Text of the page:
I wrote a small command line tool (in Python) for retrieving, adding and updating content, pages and files exposed to students and teachers, for a Canvas course.
At the University of Oslo, we started using Canvas a few years back.
Writing content for the pages of a course is normally
done through a web-interface.
However, I am very fond of writing content for the web in Markdown.
However, there is no option to write in Markdown directly
in the Canvas web interface.
I also like to keep my textfiles under version control. So, I needed a way to write course pages in Markdown, convert them to html and upload them to my Canvas course, ideally through the command line - another tool I am very fond of. Since I could not find such a tool, so I decided to write my own. After all, Canvas is an open source project and has an API!
Thus was born
canvasCourseCli. It uses the Canvas API
through the Python package canvasapi.
Commands start with
canvasCourseCli followed by one of the subcommands:
list_files -u URL List all files for a course on Canvas. list_pages -u URL List all pages for a course on Canvas. tree -u URL List all folders for a course on Canvas. dump -u URL Download all files and pages for a course on Canvas. view_page -u URL View the content of a page on Canvas. add_page -u URL -t TITLE -f HTML_FILE Add a new page to Canvas. create_folder -u URL Create a new folder on Canvas. add_file -u URL -f FILE_TO_SEND Add a file to a folder on Canvas. update_page -u URL -f HTML_FILE Update the content of a page on Canvas. add_to_module -u URL -m MODULE_NAME Add a page on Canvas to a module.
For example, if you want to replace the content of an existing page with content of a file (in html format) on your computer, for an imaginary course that ‘lives’ at https://instance.instructure.com/courses/9999, you could run this command:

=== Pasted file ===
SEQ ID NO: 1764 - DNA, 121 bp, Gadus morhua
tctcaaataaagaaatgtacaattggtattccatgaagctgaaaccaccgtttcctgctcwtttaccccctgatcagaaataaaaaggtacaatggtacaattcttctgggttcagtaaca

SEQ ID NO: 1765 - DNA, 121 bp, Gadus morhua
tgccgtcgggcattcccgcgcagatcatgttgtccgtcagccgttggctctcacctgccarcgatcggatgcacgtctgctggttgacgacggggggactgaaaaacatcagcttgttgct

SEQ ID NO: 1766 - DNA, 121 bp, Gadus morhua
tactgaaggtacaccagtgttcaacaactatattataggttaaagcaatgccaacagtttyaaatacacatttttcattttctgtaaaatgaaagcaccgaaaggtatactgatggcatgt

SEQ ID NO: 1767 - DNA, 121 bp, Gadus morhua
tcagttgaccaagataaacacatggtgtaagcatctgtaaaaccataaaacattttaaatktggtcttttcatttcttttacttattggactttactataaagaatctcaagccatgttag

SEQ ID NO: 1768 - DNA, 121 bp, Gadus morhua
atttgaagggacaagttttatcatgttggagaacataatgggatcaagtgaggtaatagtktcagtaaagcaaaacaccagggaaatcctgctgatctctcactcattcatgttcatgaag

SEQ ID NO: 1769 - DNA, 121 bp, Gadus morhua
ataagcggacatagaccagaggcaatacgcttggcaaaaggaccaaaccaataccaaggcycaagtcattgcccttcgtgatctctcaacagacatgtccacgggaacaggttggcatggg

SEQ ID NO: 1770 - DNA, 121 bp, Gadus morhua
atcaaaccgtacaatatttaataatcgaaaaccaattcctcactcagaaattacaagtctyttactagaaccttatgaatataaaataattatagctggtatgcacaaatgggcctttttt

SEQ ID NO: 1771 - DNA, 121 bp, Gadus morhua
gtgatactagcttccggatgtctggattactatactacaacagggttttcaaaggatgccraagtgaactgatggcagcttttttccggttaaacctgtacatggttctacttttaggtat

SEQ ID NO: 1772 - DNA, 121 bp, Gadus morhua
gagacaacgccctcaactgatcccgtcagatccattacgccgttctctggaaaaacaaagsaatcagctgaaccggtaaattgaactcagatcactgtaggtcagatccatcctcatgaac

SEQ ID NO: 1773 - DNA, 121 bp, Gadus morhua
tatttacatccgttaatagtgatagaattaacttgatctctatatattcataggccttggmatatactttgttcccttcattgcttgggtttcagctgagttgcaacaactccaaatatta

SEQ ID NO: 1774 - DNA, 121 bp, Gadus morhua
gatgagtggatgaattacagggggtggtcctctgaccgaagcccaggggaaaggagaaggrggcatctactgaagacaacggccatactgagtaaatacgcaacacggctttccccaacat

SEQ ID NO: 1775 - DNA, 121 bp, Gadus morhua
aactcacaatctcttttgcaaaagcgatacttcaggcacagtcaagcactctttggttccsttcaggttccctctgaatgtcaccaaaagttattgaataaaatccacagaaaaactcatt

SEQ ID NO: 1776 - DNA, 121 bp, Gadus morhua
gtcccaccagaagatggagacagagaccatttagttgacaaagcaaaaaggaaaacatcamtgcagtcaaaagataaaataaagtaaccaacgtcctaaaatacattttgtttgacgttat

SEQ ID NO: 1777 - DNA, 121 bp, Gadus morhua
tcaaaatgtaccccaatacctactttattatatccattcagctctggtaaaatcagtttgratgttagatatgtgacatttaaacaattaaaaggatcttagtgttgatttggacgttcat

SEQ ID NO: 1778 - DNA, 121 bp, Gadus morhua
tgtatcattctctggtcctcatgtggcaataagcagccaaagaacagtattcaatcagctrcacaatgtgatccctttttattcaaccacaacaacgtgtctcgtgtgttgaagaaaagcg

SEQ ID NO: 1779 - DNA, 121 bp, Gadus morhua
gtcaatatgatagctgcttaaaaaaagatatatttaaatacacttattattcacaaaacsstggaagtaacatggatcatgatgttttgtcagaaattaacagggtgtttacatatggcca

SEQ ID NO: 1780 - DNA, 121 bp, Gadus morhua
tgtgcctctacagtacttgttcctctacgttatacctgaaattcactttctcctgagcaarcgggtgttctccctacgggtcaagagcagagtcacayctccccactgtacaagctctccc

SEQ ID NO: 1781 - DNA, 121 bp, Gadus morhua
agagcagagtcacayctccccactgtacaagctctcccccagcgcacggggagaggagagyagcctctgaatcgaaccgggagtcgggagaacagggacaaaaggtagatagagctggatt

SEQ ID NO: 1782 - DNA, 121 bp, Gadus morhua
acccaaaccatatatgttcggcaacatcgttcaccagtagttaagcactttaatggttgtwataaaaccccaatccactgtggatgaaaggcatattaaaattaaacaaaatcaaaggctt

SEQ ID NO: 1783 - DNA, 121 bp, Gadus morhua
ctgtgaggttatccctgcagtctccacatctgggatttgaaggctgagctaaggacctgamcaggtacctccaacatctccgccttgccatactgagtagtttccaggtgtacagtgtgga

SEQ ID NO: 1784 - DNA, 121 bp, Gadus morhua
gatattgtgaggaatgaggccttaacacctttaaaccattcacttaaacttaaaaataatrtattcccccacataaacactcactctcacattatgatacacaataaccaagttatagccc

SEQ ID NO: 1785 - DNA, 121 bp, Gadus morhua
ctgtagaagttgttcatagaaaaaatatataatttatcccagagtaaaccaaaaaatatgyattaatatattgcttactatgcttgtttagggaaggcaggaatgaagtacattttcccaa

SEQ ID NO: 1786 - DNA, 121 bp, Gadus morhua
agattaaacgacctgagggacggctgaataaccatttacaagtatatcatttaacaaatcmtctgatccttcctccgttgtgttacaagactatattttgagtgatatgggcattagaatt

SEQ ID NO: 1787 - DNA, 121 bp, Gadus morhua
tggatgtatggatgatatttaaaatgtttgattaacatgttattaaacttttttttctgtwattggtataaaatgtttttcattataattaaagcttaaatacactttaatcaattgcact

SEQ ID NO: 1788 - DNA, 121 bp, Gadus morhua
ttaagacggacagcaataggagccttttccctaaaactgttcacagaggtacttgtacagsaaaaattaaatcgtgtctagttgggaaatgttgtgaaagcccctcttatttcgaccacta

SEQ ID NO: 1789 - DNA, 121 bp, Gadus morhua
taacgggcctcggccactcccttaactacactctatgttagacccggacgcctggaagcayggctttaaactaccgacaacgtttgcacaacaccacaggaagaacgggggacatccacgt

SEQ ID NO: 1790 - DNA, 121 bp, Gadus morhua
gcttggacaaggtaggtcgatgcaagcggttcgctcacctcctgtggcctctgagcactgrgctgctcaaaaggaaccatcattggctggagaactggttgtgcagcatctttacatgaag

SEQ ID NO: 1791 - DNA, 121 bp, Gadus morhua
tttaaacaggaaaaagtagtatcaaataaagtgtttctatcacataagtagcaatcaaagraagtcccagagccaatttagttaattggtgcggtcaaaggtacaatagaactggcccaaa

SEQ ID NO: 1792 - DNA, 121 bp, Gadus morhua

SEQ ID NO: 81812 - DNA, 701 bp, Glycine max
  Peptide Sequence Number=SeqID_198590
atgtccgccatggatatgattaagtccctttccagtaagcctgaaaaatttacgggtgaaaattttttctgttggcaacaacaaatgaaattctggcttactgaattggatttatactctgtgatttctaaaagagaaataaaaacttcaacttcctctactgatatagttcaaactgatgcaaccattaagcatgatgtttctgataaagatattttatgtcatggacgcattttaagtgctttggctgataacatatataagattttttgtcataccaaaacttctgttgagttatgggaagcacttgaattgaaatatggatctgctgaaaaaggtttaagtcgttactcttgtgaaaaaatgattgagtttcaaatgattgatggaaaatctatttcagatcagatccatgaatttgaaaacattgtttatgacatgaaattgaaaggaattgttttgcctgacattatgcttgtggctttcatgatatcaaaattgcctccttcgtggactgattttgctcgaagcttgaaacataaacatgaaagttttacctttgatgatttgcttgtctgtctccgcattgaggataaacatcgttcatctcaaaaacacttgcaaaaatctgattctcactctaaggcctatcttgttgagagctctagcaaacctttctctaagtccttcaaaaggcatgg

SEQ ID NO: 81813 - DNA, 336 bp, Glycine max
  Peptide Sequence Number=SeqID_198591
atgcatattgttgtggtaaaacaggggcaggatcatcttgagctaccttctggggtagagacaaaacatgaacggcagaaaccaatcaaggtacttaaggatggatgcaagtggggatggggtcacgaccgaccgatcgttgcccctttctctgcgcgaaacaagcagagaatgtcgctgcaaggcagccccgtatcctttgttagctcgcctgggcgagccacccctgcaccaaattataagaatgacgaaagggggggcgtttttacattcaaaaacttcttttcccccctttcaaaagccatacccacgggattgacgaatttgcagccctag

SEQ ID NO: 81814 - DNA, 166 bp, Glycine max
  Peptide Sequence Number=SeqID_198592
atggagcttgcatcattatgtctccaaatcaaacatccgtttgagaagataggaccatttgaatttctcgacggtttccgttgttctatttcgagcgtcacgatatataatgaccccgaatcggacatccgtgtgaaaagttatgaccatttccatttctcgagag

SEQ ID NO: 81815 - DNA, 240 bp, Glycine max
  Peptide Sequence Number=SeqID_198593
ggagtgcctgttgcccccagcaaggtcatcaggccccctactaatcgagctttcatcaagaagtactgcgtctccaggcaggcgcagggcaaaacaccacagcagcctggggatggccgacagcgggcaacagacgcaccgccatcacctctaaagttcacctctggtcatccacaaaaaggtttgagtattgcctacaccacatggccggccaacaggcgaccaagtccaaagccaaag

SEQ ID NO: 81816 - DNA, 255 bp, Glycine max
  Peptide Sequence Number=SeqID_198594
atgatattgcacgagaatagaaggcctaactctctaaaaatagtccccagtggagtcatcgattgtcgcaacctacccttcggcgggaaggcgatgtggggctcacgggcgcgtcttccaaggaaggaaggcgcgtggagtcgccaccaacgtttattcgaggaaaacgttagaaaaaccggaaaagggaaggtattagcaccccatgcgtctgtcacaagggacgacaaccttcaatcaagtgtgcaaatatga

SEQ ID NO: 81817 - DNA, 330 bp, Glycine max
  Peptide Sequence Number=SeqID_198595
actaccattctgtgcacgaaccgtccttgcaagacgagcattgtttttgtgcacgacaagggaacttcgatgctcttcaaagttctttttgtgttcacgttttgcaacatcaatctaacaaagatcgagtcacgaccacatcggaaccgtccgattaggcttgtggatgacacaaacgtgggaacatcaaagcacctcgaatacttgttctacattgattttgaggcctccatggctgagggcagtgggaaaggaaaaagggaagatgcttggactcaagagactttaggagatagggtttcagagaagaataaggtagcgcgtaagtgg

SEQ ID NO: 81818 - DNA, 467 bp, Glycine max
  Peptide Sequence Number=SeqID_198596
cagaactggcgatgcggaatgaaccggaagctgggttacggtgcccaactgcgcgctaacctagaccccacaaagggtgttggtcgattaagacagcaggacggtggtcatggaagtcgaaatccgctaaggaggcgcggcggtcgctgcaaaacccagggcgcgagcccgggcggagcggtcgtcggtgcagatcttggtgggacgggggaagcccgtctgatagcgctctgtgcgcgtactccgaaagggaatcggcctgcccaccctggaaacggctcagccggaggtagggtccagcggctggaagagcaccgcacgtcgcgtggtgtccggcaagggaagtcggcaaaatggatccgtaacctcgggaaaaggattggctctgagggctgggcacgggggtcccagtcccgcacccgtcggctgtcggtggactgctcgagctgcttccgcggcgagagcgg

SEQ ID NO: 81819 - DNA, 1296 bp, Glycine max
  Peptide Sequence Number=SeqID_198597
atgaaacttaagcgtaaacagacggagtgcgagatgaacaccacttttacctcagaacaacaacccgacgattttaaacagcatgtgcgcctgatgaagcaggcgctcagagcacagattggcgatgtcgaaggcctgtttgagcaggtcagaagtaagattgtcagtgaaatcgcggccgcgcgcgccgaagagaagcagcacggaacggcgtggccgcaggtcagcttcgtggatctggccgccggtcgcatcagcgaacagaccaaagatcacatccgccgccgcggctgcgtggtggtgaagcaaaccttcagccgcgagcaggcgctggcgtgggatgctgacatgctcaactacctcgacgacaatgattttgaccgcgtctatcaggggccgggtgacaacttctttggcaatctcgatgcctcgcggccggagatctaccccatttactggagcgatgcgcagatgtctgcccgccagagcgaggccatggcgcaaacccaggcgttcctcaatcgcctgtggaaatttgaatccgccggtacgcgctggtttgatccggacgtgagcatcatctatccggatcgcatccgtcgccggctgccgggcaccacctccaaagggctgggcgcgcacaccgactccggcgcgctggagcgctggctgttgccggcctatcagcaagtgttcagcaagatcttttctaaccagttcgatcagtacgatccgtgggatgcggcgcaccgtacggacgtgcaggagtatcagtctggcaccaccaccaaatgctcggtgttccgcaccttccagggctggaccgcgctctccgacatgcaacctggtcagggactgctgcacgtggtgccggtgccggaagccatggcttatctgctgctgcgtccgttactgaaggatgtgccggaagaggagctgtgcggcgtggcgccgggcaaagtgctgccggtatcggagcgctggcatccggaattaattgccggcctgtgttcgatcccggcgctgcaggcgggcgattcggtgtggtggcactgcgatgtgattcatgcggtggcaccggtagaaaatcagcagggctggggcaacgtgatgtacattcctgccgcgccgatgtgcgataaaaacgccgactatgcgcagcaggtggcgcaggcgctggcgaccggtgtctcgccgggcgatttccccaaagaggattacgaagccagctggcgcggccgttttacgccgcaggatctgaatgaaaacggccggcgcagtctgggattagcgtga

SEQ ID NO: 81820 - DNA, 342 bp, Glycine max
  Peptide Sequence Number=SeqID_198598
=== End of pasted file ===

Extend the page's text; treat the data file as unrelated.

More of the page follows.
canvasCourseCli update_page -u https://instance.instructure.com/courses/9999/pages/name-of-page -f file.html
I hope to develop more subcommands in the future.
How I use it
- I write course pages in Markdown
- convert them to html using pandoc
- upload or update them to Canvas using
- I use a Makefile and Gnu Make to automate this process
- I also automate uploading some of the files that I add to Canvas on a weekly basis through that Makefile
All pages for the latest edition of my course
‘BIOS1100 - Introduction to Computational Modelling in the Biosciences’
are written in Markdown and updated on Canvas through
and many of the course’s files are added through it too.
Feel free to view the results at
the Canvas page for this course.
What about the Canvas Data CLI Tool
The Canvas Data CLI Tool is used to extract course data from the database.
canvasCourseCli is meant to work with course pages and files.
How to install it
canvasCourseCli is available through a GitHub repo
Clone that repo, or
download the code,
and make it available on your system.
I hope to make it into a ‘proper’ Python package,
installable through (for example)
pip, as soon as I find time
to figure out how to do that.
Further documentation can be found in the README file of the repository.
A word of warning
I have not been able to test
canvasCourseCli on any other Canvas (instructure) instance than the one provided by my university. I would appreciate feedback (through the issue functionality of the Github repository) on both successful and failed attempts at using the tool for your course.
I hope to add functionality and improve the code in the near future. There is a ToDo list that has my thoughts and wishes for further development. I welcome contributions!
A note on teaching, programming and using the command line
I used to do a lot of command line based analysis on supercomputers. These days, I mostly teach programming to novices. However, as much as possible I try to use my ‘command line and programming skills’ for my teaching work. So
- I write course materials in Markdown or DocOnce (another markup language)
- have all text files under version control
- convert to different formats through the command line
- automated using
makeand Makefiles where possible
- synchronize the files to Canvas with
Not only does this make me more efficient, I also find it a fun way to work (and it keeps my skills up to date)!
This is my first real piece of software that I deliberately wrote
also for others to use. Pretty scary, actually!
But I realized that if
canvasCourseCli is useful to others,
I may even get people interested in helping me to improve the tool!
Finally, when writing this program, and setting up the repository, I aimed to follow the recommendations we wrote in the Good enough practices in scientific computing paper. I found that to be a very useful exercise!
canvasCourseCli and, as I said, I welcome contributions!